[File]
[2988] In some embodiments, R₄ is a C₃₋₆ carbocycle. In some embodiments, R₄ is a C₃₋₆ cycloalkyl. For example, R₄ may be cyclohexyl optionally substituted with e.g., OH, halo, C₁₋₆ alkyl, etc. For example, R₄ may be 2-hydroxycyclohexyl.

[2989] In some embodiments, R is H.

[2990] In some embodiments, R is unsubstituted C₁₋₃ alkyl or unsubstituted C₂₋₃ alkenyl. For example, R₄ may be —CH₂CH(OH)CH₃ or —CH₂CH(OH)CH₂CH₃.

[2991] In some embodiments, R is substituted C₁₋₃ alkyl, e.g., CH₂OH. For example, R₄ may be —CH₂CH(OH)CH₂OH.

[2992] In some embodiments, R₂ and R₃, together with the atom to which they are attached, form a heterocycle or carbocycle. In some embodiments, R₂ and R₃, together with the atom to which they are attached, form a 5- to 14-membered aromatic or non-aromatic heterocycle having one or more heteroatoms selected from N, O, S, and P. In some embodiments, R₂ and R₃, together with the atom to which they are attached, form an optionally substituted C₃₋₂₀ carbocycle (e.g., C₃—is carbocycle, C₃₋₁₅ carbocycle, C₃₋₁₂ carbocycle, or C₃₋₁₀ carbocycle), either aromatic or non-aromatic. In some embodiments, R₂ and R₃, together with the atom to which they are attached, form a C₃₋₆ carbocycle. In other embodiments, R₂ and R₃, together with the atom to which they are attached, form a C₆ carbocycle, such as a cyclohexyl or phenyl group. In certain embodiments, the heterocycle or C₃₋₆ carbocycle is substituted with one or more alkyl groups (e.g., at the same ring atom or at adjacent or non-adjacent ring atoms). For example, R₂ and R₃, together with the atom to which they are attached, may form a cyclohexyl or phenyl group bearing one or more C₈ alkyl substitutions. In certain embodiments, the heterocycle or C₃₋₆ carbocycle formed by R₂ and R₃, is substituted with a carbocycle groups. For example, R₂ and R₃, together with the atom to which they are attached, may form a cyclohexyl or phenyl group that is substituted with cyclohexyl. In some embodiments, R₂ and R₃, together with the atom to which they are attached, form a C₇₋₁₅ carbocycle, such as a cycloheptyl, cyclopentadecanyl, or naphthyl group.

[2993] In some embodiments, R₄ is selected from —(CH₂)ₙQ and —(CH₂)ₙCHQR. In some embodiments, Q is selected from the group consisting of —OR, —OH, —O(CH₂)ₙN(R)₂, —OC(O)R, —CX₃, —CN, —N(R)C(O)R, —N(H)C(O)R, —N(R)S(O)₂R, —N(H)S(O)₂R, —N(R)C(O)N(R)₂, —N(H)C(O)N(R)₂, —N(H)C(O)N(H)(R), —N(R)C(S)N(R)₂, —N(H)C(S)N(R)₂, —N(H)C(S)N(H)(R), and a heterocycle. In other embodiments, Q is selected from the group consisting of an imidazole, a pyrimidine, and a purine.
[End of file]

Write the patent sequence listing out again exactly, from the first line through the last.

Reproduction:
[2988] In some embodiments, R₄ is a C₃₋₆ carbocycle. In some embodiments, R₄ is a C₃₋₆ cycloalkyl. For example, R₄ may be cyclohexyl optionally substituted with e.g., OH, halo, C₁₋₆ alkyl, etc. For example, R₄ may be 2-hydroxycyclohexyl.

[2989] In some embodiments, R is H.

[2990] In some embodiments, R is unsubstituted C₁₋₃ alkyl or unsubstituted C₂₋₃ alkenyl. For example, R₄ may be —CH₂CH(OH)CH₃ or —CH₂CH(OH)CH₂CH₃.

[2991] In some embodiments, R is substituted C₁₋₃ alkyl, e.g., CH₂OH. For example, R₄ may be —CH₂CH(OH)CH₂OH.

[2992] In some embodiments, R₂ and R₃, together with the atom to which they are attached, form a heterocycle or carbocycle. In some embodiments, R₂ and R₃, together with the atom to which they are attached, form a 5- to 14-membered aromatic or non-aromatic heterocycle having one or more heteroatoms selected from N, O, S, and P. In some embodiments, R₂ and R₃, together with the atom to which they are attached, form an optionally substituted C₃₋₂₀ carbocycle (e.g., C₃—is carbocycle, C₃₋₁₅ carbocycle, C₃₋₁₂ carbocycle, or C₃₋₁₀ carbocycle), either aromatic or non-aromatic. In some embodiments, R₂ and R₃, together with the atom to which they are attached, form a C₃₋₆ carbocycle. In other embodiments, R₂ and R₃, together with the atom to which they are attached, form a C₆ carbocycle, such as a cyclohexyl or phenyl group. In certain embodiments, the heterocycle or C₃₋₆ carbocycle is substituted with one or more alkyl groups (e.g., at the same ring atom or at adjacent or non-adjacent ring atoms). For example, R₂ and R₃, together with the atom to which they are attached, may form a cyclohexyl or phenyl group bearing one or more C₈ alkyl substitutions. In certain embodiments, the heterocycle or C₃₋₆ carbocycle formed by R₂ and R₃, is substituted with a carbocycle groups. For example, R₂ and R₃, together with the atom to which they are attached, may form a cyclohexyl or phenyl group that is substituted with cyclohexyl. In some embodiments, R₂ and R₃, together with the atom to which they are attached, form a C₇₋₁₅ carbocycle, such as a cycloheptyl, cyclopentadecanyl, or naphthyl group.

[2993] In some embodiments, R₄ is selected from —(CH₂)ₙQ and —(CH₂)ₙCHQR. In some embodiments, Q is selected from the group consisting of —OR, —OH, —O(CH₂)ₙN(R)₂, —OC(O)R, —CX₃, —CN, —N(R)C(O)R, —N(H)C(O)R, —N(R)S(O)₂R, —N(H)S(O)₂R, —N(R)C(O)N(R)₂, —N(H)C(O)N(R)₂, —N(H)C(O)N(H)(R), —N(R)C(S)N(R)₂, —N(H)C(S)N(R)₂, —N(H)C(S)N(H)(R), and a heterocycle. In other embodiments, Q is selected from the group consisting of an imidazole, a pyrimidine, and a purine.